Pinoys know self-care but do not practice it—study

While many Filipinos understand the concept of self-care, not too many of them practice it properly.

According to Dr. Manuel Dayrit, former Dean of the Ateneo de Manila University School of Medicine and Public Health and former Health Secretary, self-care has personal, societal, and national implications in the Philippines. He said that Filipinos are naturally familiar with the concept of self-care but because of limited literacy and access, not everyone practices it.

He said they conducted a three-part study that tried to understand what self-care meant to Filipinos. One part was where they did a literature review, where they found very little was written about self-care in the country. He said most literature they found involved the use of herbal medicines and traditional practices. In the body of knowledge on self-care per se, very little had been done.

“What’s interesting is that the Universal Health Care [UHC] Law has a section, though it didn’t mention self-care, but health literacy, which means the ability of a person to find, evaluate and use information to make informed health care decisions. If you’re health literate, you can do that, which means a high level of discernment,” Dr. Dayrit said during the commemoration of the 11th International Self-Care Day held every July 24, and in celebration of the 75th anniversary of French-Filipino relations. Sanofi and the French Embassy in the Philippines organized “Health In Your Hands,” a self-care global awareness event that aims to highlight the importance of responsible self-care practices.

In terms of policy, Dr. Dayrit said the UHC law would be the pillar in promoting self-care in the country through promoting self-literacy.

The second part, he said, involved interviewing diverse types of people: farmers, community health workers, government executives, policymakers, pharmaceutical executives, and doctors. All were given various scenarios of various ailments and what they would do. The study revealed that people do practice self-care but with different approaches. “People in the rural areas rely more on herbs, the traditional things they were used to like using guava leaves for diarrhea.”

For those in the urban areas, it’s more of self-medication using over-the-counter (OTC) drugs. For others, it’s rest, hydration. “It showed that people practice self-care but in different ways, and also because of their context, their background, but self-care is practiced in the country,” Dr. Dayrit emphasized.

The third aspect of the study, he said, involved a nationwide survey with randomized samples, and people were also given a scenario and then were asked to decide what they are going to do. He said the attributes of the questions were: who would give them the cost of consultation, who would give them the travel time to the health center or doctor, and who would give them the time to recover.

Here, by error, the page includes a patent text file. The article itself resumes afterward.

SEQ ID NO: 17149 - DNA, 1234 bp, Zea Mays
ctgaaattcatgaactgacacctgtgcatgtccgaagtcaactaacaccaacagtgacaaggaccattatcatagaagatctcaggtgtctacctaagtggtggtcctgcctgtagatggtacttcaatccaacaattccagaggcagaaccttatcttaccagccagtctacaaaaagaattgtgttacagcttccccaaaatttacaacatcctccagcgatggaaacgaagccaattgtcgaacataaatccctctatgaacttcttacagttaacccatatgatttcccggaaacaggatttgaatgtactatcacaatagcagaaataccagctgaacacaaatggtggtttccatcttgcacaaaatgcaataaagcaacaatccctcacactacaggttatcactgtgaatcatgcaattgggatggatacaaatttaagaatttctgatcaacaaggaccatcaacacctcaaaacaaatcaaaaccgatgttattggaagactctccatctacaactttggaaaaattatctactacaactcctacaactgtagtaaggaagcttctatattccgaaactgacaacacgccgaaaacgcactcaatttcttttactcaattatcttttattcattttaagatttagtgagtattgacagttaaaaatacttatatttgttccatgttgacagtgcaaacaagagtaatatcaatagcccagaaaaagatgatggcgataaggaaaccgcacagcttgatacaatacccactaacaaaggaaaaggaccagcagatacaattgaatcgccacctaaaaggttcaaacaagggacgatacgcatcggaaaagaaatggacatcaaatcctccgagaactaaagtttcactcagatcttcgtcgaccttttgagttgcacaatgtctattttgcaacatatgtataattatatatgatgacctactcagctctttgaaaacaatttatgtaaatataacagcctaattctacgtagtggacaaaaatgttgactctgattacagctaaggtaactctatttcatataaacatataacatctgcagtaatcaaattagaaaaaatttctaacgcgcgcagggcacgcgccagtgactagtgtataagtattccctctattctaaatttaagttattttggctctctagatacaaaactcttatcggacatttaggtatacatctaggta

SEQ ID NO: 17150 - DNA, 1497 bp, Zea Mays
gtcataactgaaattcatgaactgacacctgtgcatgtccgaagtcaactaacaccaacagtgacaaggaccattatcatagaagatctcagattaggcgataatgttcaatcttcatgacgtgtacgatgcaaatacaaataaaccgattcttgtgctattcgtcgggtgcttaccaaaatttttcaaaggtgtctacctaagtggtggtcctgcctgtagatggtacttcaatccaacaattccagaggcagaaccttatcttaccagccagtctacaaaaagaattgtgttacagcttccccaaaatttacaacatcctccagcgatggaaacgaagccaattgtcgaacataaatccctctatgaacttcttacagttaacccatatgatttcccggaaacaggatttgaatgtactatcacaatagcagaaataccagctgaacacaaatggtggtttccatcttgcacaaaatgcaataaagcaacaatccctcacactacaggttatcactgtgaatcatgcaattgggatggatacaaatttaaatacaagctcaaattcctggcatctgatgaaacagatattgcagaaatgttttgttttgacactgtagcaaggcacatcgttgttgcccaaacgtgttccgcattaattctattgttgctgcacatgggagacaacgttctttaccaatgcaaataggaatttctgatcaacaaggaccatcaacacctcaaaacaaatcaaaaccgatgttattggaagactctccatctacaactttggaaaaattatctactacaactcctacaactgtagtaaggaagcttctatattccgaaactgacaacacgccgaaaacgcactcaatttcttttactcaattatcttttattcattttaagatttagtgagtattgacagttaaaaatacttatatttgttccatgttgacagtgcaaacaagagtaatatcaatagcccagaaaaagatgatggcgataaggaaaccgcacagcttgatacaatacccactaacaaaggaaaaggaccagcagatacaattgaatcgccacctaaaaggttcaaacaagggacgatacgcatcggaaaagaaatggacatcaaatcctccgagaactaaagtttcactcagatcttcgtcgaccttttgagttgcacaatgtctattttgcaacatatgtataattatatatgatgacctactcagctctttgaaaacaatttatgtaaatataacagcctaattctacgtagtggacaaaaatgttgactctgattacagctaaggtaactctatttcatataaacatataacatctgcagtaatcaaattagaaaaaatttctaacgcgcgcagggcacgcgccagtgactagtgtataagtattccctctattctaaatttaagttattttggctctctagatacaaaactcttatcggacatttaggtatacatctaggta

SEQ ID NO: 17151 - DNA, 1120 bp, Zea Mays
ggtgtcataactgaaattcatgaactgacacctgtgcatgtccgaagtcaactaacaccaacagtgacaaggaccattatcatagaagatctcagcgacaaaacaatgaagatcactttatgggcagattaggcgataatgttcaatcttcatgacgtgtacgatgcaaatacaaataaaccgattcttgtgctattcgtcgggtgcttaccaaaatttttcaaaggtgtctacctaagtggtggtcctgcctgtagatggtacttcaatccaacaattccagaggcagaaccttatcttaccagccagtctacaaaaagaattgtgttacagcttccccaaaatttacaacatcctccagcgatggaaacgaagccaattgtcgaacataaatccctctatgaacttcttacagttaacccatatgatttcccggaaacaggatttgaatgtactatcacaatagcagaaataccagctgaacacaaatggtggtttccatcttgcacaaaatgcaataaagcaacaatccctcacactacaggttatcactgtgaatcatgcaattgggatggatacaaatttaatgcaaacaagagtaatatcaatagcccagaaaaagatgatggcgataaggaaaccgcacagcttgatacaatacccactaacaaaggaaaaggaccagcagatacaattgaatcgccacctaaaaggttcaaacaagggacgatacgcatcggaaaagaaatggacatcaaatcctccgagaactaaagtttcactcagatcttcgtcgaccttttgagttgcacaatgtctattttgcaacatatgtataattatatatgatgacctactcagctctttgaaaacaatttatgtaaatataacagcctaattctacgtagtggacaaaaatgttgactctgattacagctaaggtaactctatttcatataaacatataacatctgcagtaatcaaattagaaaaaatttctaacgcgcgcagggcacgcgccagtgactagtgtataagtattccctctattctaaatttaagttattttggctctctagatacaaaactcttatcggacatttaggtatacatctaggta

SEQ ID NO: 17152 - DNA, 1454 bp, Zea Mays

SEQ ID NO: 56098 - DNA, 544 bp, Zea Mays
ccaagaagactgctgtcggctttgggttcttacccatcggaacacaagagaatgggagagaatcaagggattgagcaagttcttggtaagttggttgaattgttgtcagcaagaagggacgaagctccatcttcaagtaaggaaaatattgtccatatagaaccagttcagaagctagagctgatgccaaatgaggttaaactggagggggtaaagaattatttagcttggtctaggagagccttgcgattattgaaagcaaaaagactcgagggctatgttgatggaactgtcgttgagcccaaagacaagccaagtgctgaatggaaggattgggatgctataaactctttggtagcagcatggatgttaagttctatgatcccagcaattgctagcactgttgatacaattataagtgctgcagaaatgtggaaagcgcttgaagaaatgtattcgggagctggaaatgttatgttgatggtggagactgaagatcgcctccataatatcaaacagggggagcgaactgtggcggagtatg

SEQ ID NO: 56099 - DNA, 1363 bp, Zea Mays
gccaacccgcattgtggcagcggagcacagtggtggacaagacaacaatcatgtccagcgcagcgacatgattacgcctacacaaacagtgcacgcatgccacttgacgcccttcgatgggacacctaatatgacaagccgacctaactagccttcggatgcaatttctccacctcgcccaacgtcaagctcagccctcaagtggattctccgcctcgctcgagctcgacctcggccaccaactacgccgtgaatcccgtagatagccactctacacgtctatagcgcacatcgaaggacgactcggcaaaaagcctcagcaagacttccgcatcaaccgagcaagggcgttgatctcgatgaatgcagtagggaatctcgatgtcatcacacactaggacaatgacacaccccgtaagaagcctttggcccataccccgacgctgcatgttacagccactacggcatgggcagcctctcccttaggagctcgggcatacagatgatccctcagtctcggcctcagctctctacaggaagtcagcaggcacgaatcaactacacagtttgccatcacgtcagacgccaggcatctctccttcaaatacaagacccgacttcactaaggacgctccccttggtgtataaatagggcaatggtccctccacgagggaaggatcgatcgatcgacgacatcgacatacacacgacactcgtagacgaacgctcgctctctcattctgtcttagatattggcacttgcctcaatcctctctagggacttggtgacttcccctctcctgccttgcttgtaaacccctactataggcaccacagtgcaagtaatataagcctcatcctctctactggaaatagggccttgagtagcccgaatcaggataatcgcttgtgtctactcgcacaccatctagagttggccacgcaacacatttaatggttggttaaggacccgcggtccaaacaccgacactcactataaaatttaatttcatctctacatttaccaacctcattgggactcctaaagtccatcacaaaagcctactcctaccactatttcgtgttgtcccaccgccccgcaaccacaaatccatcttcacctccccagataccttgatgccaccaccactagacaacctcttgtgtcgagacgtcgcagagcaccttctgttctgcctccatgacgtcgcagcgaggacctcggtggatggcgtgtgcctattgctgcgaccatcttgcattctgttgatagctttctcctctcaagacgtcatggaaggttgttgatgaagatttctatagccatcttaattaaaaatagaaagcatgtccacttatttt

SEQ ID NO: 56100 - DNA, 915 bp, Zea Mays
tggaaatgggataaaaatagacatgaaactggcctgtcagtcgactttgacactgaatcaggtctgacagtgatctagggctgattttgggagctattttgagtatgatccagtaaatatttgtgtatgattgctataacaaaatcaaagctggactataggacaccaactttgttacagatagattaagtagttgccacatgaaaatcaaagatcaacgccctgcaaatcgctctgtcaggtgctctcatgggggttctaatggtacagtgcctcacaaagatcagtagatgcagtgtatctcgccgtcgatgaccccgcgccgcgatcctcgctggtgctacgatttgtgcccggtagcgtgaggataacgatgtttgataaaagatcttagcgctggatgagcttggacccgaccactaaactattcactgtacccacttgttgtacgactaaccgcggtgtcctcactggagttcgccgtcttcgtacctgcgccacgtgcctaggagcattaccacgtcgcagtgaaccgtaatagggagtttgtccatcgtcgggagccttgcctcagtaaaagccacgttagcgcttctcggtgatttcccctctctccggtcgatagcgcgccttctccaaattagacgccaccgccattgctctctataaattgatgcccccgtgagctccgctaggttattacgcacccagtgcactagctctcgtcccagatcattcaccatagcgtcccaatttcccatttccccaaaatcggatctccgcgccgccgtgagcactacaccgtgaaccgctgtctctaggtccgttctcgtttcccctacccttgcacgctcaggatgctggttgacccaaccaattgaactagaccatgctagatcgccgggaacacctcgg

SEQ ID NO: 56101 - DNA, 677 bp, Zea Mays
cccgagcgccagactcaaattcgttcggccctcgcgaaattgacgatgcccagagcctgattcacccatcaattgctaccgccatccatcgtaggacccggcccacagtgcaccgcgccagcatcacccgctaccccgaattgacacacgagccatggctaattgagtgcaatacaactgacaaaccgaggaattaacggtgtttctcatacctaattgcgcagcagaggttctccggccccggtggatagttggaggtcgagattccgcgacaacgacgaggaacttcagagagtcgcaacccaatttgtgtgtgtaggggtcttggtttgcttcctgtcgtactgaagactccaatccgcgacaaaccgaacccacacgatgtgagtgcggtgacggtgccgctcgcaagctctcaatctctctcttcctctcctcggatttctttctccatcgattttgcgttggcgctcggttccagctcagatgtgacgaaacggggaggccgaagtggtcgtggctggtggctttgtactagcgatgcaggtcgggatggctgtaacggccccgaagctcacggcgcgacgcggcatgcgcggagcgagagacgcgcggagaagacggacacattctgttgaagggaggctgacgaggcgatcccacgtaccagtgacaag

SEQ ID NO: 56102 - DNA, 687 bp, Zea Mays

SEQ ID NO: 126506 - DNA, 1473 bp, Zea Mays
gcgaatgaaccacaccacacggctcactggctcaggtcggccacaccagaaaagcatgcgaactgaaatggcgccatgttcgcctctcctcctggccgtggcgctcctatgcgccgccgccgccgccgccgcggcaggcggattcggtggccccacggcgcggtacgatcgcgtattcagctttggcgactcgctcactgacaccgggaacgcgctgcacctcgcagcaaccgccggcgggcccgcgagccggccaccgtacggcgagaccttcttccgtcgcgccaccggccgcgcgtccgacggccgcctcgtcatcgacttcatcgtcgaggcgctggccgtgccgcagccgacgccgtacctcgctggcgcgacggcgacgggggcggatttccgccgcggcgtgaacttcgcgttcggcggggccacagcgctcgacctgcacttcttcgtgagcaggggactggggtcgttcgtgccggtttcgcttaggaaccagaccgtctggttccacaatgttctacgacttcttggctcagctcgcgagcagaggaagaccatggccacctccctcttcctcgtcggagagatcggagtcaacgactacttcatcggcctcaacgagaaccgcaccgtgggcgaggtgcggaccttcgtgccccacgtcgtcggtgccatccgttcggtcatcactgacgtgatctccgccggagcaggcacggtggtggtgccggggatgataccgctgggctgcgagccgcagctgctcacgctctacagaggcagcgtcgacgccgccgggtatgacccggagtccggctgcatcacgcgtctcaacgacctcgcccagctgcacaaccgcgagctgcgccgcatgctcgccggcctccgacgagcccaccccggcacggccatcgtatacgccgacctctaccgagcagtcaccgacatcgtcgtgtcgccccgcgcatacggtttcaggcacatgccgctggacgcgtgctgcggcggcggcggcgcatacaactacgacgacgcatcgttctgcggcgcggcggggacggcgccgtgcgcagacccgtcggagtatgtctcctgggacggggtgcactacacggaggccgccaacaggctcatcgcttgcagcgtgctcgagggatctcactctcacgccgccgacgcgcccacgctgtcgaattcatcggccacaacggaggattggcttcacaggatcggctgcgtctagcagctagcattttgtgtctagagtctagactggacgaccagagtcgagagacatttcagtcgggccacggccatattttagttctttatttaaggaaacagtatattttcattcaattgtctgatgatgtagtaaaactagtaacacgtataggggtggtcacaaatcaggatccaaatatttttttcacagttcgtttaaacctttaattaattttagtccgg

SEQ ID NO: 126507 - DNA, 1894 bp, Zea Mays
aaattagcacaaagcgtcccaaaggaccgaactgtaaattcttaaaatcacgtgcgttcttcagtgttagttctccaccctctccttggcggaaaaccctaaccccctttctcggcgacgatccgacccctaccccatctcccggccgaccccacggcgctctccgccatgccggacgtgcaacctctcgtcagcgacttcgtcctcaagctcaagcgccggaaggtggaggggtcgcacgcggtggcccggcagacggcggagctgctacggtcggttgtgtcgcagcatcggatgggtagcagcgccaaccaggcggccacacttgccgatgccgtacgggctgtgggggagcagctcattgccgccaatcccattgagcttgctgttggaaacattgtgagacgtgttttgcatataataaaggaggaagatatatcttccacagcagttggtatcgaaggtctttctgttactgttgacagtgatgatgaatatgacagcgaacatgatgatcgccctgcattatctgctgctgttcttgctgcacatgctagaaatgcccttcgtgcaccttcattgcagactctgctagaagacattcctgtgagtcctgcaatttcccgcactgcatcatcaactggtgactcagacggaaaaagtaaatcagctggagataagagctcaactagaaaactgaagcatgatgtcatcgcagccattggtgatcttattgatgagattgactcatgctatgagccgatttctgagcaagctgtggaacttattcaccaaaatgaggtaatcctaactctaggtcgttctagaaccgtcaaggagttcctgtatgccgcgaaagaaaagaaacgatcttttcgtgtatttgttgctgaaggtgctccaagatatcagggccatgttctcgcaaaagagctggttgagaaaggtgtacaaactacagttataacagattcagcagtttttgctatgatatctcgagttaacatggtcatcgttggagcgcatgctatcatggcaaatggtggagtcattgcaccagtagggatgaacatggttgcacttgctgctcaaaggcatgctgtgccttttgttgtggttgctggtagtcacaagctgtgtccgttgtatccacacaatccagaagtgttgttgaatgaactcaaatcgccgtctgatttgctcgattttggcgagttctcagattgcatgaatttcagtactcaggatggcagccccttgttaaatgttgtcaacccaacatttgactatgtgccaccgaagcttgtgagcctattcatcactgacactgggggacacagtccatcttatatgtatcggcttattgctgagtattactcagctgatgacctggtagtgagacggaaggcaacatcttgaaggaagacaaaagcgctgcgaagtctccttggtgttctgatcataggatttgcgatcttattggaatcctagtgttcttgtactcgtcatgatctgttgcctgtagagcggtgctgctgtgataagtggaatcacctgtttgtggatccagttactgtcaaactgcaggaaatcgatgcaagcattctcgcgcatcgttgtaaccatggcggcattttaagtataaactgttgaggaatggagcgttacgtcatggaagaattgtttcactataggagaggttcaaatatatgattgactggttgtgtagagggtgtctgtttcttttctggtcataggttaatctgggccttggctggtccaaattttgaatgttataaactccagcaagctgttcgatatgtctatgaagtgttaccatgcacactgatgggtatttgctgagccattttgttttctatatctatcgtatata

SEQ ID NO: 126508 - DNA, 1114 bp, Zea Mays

The findings of the survey showed that first, people were concerned about avoiding costs when deciding, but Dr. Dayrit said it did not mean they would not go to a doctor. Second is time, where time is also translated to economics, where if one must see a doctor, a day’s wage is lost. “People would do self-care or endure the pain.”

He added that self-care is really everything, not just about physical. Though manifestation is physical, self-care is also about emotional and spiritual well-being. “If one’s stress levels is very high, it could lead to a certain ailment like hypertension,” he explained.

Self-care based on science

He emphasized that people should do self-care that is scientifically proven, do the practices that are scientifically proven, but warned that not all good practices are scientifically proven, so culture is involved. He cited the traditional practices, which should not be ignored since it’s been done for hundreds of years.

“Many of these practices have been done for a long time but it’s not scientifically supported since no studies were done, but they’re good, like virgin coconut oil, for example. They’ve been shown to have beneficial effects and don’t do any harm,” Dr. Dayrit pointed out.

According to Vanee Gosiengfiao, General Manager, Consumer Healthcare, Sanofi Philippines, they are advocating that self-care be practiced daily, saying that taking active charge of one’s own health has never been more important.

She said that at Sanofi, they are passionate about helping people lead healthier and fuller lives, and by celebrating International Self-Care Month, it serves as a reminder for everyone that health is in our hands.

“Self-care needs to be made part of our everyday lives from making healthy lifestyle choices, to self-recognition of symptoms, making responsible use of non-prescription medicines to self-monitoring and management. It plays a key role in empowering individuals, families, communities in managing their own wellbeing, and plays a positive impact on economies. It’s time that we unite toward adopting self-care, because self-care is shared care for everyone,” she said.


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